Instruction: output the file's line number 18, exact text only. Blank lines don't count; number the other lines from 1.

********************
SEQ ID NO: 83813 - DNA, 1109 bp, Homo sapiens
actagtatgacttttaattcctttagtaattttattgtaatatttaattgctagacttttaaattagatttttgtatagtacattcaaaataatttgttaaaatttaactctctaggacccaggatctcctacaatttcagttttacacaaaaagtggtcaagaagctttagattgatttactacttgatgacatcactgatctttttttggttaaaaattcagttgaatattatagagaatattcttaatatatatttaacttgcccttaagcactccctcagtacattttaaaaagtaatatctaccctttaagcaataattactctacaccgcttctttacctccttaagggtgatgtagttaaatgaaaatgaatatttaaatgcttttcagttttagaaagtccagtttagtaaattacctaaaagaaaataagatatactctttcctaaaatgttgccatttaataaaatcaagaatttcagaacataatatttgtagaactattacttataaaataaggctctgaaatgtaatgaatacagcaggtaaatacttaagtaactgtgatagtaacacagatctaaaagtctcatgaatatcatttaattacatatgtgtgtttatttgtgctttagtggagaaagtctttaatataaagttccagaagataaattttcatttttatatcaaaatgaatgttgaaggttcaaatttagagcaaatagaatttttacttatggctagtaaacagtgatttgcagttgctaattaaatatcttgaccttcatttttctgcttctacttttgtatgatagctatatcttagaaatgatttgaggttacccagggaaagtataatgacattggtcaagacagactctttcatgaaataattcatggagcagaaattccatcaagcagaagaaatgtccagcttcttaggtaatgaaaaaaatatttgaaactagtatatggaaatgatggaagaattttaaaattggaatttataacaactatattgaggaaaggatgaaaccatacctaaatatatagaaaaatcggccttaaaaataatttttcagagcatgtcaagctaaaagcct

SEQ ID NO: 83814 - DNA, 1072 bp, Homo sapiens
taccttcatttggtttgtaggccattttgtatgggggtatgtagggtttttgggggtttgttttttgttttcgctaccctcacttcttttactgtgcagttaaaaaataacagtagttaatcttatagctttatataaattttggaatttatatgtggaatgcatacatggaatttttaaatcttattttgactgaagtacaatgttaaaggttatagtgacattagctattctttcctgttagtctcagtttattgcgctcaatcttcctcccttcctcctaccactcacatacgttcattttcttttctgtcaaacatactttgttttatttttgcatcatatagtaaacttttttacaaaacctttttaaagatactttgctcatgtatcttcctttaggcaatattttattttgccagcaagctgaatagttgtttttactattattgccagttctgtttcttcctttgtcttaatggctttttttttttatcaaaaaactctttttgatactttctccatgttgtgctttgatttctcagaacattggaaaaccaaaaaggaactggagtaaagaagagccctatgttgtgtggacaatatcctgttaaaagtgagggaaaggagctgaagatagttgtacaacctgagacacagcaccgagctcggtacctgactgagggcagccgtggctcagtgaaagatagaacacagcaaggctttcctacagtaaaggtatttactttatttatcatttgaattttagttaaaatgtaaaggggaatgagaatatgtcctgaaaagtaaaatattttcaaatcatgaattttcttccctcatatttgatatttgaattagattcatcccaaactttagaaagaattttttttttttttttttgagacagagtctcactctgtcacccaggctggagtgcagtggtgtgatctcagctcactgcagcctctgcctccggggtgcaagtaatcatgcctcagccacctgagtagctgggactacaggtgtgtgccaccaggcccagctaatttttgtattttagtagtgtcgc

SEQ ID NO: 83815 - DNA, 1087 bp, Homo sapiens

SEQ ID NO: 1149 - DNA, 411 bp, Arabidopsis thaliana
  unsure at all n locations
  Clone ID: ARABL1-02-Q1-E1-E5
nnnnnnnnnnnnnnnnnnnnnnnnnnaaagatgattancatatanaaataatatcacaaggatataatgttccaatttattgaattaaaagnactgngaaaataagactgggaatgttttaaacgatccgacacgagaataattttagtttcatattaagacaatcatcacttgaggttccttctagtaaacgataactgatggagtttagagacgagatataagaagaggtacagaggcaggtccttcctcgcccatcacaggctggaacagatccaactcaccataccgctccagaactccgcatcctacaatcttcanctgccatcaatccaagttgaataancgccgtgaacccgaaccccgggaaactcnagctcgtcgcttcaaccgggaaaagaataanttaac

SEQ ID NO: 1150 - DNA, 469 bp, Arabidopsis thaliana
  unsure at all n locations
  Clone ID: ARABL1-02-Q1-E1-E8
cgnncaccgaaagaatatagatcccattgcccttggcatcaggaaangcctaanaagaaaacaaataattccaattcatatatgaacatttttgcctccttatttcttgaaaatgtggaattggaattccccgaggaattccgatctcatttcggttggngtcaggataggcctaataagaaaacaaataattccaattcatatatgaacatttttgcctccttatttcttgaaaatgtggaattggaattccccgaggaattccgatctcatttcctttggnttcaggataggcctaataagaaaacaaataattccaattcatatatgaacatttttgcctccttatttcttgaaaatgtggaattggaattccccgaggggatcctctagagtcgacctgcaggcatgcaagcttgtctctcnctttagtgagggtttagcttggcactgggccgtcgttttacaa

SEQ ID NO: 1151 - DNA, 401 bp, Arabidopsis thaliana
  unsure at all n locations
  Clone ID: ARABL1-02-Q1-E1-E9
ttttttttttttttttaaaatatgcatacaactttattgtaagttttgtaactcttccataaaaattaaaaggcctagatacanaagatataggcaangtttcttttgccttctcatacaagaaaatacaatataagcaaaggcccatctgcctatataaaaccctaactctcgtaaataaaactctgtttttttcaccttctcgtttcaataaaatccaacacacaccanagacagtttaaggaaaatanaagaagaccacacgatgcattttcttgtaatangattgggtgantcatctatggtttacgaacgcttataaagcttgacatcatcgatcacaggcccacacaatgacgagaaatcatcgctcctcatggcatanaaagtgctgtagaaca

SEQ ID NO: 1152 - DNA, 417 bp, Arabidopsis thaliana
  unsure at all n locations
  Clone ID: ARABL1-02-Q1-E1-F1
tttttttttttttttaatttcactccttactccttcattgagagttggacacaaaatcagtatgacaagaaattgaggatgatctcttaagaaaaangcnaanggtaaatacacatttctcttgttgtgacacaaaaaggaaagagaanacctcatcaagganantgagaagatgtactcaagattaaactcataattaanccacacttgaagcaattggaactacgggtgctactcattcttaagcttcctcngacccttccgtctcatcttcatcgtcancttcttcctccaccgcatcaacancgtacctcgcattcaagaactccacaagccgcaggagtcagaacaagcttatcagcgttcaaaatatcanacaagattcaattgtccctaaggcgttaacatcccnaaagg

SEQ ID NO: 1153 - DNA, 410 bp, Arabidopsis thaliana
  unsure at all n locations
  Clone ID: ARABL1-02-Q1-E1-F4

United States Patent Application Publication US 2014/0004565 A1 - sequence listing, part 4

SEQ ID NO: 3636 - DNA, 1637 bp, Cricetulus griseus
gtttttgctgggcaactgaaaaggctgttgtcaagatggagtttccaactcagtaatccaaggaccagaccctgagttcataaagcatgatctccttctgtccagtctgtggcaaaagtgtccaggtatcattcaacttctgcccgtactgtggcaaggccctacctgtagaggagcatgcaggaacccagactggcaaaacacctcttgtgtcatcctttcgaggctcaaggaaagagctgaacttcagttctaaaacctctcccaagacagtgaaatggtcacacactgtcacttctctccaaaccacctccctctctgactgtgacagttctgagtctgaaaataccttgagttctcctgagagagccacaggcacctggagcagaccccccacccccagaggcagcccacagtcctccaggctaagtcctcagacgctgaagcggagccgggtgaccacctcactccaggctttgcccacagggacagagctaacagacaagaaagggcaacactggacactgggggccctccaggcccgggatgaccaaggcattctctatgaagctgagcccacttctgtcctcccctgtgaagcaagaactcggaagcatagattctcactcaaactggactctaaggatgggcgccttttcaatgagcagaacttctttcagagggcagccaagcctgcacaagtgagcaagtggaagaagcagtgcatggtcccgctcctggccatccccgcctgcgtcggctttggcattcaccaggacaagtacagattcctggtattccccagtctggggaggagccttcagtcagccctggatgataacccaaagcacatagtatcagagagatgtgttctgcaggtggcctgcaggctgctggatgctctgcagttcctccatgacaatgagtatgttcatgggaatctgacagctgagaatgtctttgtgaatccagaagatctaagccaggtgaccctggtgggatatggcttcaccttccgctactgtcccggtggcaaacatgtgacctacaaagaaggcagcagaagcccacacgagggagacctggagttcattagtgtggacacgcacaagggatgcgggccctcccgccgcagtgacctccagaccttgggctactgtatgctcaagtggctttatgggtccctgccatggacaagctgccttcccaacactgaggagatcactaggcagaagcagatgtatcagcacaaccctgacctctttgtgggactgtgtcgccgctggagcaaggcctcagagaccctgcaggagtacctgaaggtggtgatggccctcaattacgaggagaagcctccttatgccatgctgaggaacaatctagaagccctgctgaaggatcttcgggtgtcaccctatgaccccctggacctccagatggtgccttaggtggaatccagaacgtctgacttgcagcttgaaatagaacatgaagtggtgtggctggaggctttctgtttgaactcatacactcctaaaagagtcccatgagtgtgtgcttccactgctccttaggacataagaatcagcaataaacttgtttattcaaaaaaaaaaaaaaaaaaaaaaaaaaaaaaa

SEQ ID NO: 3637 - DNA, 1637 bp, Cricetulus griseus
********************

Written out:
SEQ ID NO: 1152 - DNA, 417 bp, Arabidopsis thaliana